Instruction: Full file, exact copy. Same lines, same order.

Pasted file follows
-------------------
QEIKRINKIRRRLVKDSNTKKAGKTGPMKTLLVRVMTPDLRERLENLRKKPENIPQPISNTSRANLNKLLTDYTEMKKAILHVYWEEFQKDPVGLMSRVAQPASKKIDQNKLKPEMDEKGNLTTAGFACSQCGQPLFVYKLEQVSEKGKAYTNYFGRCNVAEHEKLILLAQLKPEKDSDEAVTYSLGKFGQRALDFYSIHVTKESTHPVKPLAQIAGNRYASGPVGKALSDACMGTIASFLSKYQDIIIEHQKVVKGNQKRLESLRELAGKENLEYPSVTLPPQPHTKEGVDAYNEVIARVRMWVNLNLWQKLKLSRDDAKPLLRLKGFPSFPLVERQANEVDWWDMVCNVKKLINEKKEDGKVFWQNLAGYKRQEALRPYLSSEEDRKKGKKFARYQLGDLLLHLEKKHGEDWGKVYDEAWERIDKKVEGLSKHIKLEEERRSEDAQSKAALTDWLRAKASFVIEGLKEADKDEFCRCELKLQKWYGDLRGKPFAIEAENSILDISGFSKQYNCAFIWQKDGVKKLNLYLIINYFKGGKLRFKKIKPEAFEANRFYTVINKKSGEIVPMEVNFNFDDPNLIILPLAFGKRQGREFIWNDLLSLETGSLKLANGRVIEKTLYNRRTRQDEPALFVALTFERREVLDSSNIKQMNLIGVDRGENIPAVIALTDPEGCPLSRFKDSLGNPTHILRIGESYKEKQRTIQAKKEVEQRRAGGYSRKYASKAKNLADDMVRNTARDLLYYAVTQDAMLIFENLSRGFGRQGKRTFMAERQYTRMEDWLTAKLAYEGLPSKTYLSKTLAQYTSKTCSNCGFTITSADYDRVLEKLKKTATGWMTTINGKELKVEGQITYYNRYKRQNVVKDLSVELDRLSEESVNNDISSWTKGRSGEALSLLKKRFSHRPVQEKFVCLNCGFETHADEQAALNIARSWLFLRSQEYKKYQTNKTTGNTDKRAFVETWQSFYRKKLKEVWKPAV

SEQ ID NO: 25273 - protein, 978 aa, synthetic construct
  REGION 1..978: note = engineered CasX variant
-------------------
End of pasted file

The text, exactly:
QEIKRINKIRRRLVKDSNTKKAGKTGPMKTLLVRVMTPDLRERLENLRKKPENIPQPISNTSRANLNKLLTDYTEMKKAILHVYWEEFQKDPVGLMSRVAQPASKKIDQNKLKPEMDEKGNLTTAGFACSQCGQPLFVYKLEQVSEKGKAYTNYFGRCNVAEHEKLILLAQLKPEKDSDEAVTYSLGKFGQRALDFYSIHVTKESTHPVKPLAQIAGNRYASGPVGKALSDACMGTIASFLSKYQDIIIEHQKVVKGNQKRLESLRELAGKENLEYPSVTLPPQPHTKEGVDAYNEVIARVRMWVNLNLWQKLKLSRDDAKPLLRLKGFPSFPLVERQANEVDWWDMVCNVKKLINEKKEDGKVFWQNLAGYKRQEALRPYLSSEEDRKKGKKFARYQLGDLLLHLEKKHGEDWGKVYDEAWERIDKKVEGLSKHIKLEEERRSEDAQSKAALTDWLRAKASFVIEGLKEADKDEFCRCELKLQKWYGDLRGKPFAIEAENSILDISGFSKQYNCAFIWQKDGVKKLNLYLIINYFKGGKLRFKKIKPEAFEANRFYTVINKKSGEIVPMEVNFNFDDPNLIILPLAFGKRQGREFIWNDLLSLETGSLKLANGRVIEKTLYNRRTRQDEPALFVALTFERREVLDSSNIKQMNLIGVDRGENIPAVIALTDPEGCPLSRFKDSLGNPTHILRIGESYKEKQRTIQAKKEVEQRRAGGYSRKYASKAKNLADDMVRNTARDLLYYAVTQDAMLIFENLSRGFGRQGKRTFMAERQYTRMEDWLTAKLAYEGLPSKTYLSKTLAQYTSKTCSNCGFTITSADYDRVLEKLKKTATGWMTTINGKELKVEGQITYYNRYKRQNVVKDLSVELDRLSEESVNNDISSWTKGRSGEALSLLKKRFSHRPVQEKFVCLNCGFETHADEQAALNIARSWLFLRSQEYKKYQTNKTTGNTDKRAFVETWQSFYRKKLKEVWKPAV

SEQ ID NO: 25273 - protein, 978 aa, synthetic construct
  REGION 1..978: note = engineered CasX variant